It’s simply this: Cucumbers contain anti-inflammatory properties that help shrink swollen tissues. Among their many nutrients, the two that we’re interested in are ascorbic acid (Vitamin C) and caffeic acid. These help to reduce inflammation and soothe irritated skin.

To give some relief to the area around your eyes, lie down and place two slices over your eyes for about 10-20 minutes. Later, the rest of the cucumber may be peeled and pureed to make a facial mask. Wash off after 10-15 minutes, pat dry, and apply moisturizer.

©2009 Sally Dinius
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Highly Recommended:

Naturally Skinsational: Rejuvenating Skin Care Recipes“Quite possibly the most important book on the subject, Naturally Skinsational: Rejuvenating Skin Care Recipes by skincare expert Sue Dolan provides readers a comprehensive and holistic approach to the maintenance of the body’s largest organ. That’s right, skin. With harmful environmental factors and the inevitable process of aging, women fight an uphill battle. Now, readers have a choice other than expensive over-the-counter products and cosmetic procedures such as face-lifts and derma-abrasion. In twelve easy chapters, such as ‘Skin Essentials’ and ‘Facial Steam Recipes,’ the author leaves nothing to chance. Using the healing properties of herbs, fruits, and other natural ingredients, she offers a simple approach to skincare. Whether one is combating age spots, crow’s feet, or a wide range of other skincare concerns, this do-it-yourself skin maintenance recipe book serves as a veritable bible to keeping one’s skin as fit and beautiful as possible. Defy nature, by using it!” (Amazon)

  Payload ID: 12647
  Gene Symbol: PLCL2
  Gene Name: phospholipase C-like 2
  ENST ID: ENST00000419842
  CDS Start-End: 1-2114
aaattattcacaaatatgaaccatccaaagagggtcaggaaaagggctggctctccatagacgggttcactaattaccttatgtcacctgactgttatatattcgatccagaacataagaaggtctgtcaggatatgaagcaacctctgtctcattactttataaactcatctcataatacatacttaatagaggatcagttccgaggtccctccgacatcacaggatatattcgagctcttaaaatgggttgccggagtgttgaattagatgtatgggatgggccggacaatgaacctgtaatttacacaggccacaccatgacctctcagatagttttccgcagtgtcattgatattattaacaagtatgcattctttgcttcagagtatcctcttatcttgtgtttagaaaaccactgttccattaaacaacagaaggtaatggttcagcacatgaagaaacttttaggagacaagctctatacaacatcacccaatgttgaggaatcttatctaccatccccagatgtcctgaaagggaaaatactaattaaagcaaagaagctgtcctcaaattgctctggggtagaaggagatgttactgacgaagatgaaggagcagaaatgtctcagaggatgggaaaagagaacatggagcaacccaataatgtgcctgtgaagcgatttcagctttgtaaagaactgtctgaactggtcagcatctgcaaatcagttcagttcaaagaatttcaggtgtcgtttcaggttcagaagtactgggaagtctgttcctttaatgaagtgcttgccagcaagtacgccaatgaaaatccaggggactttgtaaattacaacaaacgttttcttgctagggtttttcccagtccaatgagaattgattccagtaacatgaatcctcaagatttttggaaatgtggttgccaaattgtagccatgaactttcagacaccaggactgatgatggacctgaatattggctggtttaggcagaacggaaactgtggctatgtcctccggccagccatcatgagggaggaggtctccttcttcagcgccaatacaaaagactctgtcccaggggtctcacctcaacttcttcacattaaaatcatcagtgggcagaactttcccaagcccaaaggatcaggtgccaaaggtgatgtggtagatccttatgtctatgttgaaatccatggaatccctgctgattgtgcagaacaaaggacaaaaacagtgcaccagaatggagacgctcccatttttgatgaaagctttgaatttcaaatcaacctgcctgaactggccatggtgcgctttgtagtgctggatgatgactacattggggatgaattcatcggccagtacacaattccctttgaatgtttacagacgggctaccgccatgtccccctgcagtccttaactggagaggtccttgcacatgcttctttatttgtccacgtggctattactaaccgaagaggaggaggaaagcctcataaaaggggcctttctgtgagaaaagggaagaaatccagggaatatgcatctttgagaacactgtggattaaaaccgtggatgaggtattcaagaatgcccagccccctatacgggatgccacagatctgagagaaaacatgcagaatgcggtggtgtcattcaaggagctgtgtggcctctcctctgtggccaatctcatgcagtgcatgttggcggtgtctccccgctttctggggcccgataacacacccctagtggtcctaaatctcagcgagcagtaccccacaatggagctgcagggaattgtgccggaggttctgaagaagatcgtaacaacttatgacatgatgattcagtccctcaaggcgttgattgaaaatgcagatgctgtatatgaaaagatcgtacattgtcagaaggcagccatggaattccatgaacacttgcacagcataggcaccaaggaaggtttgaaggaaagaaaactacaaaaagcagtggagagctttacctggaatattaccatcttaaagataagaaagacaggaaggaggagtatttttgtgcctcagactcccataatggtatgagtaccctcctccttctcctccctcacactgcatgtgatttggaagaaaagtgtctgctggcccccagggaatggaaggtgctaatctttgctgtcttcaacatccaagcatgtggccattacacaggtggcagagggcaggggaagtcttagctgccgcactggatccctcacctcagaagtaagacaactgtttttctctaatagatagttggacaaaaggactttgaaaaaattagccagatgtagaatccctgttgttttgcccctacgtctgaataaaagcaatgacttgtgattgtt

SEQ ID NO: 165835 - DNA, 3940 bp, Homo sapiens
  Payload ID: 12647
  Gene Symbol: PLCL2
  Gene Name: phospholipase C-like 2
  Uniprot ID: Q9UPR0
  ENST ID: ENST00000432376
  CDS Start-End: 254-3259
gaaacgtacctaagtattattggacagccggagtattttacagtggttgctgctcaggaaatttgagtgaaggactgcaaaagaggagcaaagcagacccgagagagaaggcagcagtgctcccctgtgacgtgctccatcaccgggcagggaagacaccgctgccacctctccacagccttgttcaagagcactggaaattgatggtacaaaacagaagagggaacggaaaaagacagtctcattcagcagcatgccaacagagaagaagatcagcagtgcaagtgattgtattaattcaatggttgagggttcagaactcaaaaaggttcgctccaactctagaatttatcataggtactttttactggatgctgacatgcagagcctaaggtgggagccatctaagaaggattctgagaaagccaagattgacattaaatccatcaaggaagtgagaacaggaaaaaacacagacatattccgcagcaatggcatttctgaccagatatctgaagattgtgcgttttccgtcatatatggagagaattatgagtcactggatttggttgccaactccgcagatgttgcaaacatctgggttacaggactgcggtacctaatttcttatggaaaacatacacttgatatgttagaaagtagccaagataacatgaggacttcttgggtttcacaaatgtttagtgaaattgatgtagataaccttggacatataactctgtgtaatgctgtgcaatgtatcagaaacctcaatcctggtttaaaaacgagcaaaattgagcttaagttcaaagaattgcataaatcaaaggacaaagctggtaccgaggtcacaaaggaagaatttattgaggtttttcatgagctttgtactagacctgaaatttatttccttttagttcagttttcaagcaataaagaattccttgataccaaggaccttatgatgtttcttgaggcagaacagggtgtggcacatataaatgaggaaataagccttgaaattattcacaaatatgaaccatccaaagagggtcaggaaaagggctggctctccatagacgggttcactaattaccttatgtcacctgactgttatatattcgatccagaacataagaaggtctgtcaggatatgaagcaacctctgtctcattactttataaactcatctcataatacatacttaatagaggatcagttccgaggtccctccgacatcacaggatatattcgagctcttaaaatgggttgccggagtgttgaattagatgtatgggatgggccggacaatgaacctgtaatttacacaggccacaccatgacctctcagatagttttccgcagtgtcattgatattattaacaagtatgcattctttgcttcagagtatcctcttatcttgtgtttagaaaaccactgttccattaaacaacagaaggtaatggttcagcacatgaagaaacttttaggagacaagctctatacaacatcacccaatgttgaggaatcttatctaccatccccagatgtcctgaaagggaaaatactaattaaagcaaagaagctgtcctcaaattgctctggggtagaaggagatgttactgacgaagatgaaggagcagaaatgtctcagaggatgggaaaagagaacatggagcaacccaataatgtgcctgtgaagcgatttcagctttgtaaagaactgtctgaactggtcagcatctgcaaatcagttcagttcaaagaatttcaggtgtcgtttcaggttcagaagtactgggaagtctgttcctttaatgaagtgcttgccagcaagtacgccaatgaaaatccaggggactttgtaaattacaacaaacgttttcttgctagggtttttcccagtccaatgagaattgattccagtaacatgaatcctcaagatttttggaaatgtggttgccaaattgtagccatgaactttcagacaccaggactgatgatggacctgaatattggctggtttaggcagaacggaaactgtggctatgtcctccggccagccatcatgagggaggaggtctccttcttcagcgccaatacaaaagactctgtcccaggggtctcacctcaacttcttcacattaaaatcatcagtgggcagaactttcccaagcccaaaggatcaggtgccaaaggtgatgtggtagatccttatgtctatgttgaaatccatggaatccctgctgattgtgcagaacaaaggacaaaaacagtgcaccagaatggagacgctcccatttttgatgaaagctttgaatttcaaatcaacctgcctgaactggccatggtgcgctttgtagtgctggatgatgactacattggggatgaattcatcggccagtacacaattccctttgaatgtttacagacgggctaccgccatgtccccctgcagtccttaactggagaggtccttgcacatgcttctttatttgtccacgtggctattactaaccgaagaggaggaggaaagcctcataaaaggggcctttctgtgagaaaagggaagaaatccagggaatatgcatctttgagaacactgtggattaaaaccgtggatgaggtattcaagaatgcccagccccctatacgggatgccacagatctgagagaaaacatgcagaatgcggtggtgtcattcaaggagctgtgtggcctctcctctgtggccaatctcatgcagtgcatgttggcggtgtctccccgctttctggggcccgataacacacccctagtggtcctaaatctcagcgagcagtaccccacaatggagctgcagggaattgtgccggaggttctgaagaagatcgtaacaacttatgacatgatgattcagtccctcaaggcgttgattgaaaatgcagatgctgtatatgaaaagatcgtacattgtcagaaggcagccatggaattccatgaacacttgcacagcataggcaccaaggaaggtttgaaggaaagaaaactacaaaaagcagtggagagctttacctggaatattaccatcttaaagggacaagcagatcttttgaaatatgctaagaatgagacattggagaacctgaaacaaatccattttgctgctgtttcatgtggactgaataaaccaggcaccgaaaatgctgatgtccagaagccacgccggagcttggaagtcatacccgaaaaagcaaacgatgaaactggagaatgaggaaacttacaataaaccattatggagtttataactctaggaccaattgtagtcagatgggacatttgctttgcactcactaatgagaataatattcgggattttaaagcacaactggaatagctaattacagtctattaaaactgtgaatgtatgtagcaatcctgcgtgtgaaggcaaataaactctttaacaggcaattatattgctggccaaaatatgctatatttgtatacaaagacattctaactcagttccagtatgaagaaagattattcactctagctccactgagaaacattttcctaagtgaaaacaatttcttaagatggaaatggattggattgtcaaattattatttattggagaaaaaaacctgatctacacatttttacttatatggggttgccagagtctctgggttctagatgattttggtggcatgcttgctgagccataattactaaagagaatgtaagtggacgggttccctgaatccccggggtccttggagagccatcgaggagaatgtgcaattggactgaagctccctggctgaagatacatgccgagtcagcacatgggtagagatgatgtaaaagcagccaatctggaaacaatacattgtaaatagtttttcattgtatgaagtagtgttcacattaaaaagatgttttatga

CrazyBusy Tip: Bye Bye, Belly Fat

As we get older, our metabolism tends to slow down. Combine a slower metabolism with a sedentary lifestyle and a not-so-healthy diet, and we begin to see an increase in belly fat (and cellulite, too, but that’s another issue!).

Belly fat is dangerous because it increases our risk for high blood sugar and other health problems. One study, however, has shown that a diet high in “healthy fats” found in olive oil actually works to keep your tummy flat.

Read more here: Olive Oil for a Flat Belly

©2009 Sally Dinius